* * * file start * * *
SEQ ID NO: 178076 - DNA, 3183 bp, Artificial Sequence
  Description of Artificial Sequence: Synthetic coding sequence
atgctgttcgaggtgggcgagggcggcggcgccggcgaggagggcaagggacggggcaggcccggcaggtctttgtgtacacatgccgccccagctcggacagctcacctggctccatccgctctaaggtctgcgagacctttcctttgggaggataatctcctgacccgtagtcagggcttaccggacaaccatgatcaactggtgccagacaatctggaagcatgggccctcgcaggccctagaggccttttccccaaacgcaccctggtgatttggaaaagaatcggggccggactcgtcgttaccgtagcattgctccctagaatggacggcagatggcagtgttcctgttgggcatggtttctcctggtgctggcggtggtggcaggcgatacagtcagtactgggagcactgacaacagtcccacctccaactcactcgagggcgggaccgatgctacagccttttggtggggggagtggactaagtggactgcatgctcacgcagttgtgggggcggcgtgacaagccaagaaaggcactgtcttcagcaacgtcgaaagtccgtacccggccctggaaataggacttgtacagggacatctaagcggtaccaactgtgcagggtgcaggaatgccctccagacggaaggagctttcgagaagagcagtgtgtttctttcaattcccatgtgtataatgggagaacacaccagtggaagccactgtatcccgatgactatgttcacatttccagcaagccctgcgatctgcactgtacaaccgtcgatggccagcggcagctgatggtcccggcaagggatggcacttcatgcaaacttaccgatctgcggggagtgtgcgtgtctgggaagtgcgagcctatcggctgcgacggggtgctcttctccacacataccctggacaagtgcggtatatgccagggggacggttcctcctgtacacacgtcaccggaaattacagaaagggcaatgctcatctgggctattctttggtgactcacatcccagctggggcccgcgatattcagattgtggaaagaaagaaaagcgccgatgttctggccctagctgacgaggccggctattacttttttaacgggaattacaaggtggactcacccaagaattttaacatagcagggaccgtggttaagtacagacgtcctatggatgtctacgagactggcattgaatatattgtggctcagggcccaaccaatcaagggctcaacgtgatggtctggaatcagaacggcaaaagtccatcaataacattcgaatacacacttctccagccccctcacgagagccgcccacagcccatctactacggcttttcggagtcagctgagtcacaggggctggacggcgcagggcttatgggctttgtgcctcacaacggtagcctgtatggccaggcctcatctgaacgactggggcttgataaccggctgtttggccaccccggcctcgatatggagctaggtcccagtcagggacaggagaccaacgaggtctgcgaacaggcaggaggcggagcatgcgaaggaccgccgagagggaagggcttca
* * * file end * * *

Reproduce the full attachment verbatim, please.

SEQ ID NO: 178076 - DNA, 3183 bp, Artificial Sequence
  Description of Artificial Sequence: Synthetic coding sequence
atgctgttcgaggtgggcgagggcggcggcgccggcgaggagggcaagggacggggcaggcccggcaggtctttgtgtacacatgccgccccagctcggacagctcacctggctccatccgctctaaggtctgcgagacctttcctttgggaggataatctcctgacccgtagtcagggcttaccggacaaccatgatcaactggtgccagacaatctggaagcatgggccctcgcaggccctagaggccttttccccaaacgcaccctggtgatttggaaaagaatcggggccggactcgtcgttaccgtagcattgctccctagaatggacggcagatggcagtgttcctgttgggcatggtttctcctggtgctggcggtggtggcaggcgatacagtcagtactgggagcactgacaacagtcccacctccaactcactcgagggcgggaccgatgctacagccttttggtggggggagtggactaagtggactgcatgctcacgcagttgtgggggcggcgtgacaagccaagaaaggcactgtcttcagcaacgtcgaaagtccgtacccggccctggaaataggacttgtacagggacatctaagcggtaccaactgtgcagggtgcaggaatgccctccagacggaaggagctttcgagaagagcagtgtgtttctttcaattcccatgtgtataatgggagaacacaccagtggaagccactgtatcccgatgactatgttcacatttccagcaagccctgcgatctgcactgtacaaccgtcgatggccagcggcagctgatggtcccggcaagggatggcacttcatgcaaacttaccgatctgcggggagtgtgcgtgtctgggaagtgcgagcctatcggctgcgacggggtgctcttctccacacataccctggacaagtgcggtatatgccagggggacggttcctcctgtacacacgtcaccggaaattacagaaagggcaatgctcatctgggctattctttggtgactcacatcccagctggggcccgcgatattcagattgtggaaagaaagaaaagcgccgatgttctggccctagctgacgaggccggctattacttttttaacgggaattacaaggtggactcacccaagaattttaacatagcagggaccgtggttaagtacagacgtcctatggatgtctacgagactggcattgaatatattgtggctcagggcccaaccaatcaagggctcaacgtgatggtctggaatcagaacggcaaaagtccatcaataacattcgaatacacacttctccagccccctcacgagagccgcccacagcccatctactacggcttttcggagtcagctgagtcacaggggctggacggcgcagggcttatgggctttgtgcctcacaacggtagcctgtatggccaggcctcatctgaacgactggggcttgataaccggctgtttggccaccccggcctcgatatggagctaggtcccagtcagggacaggagaccaacgaggtctgcgaacaggcaggaggcggagcatgcgaaggaccgccgagagggaagggcttca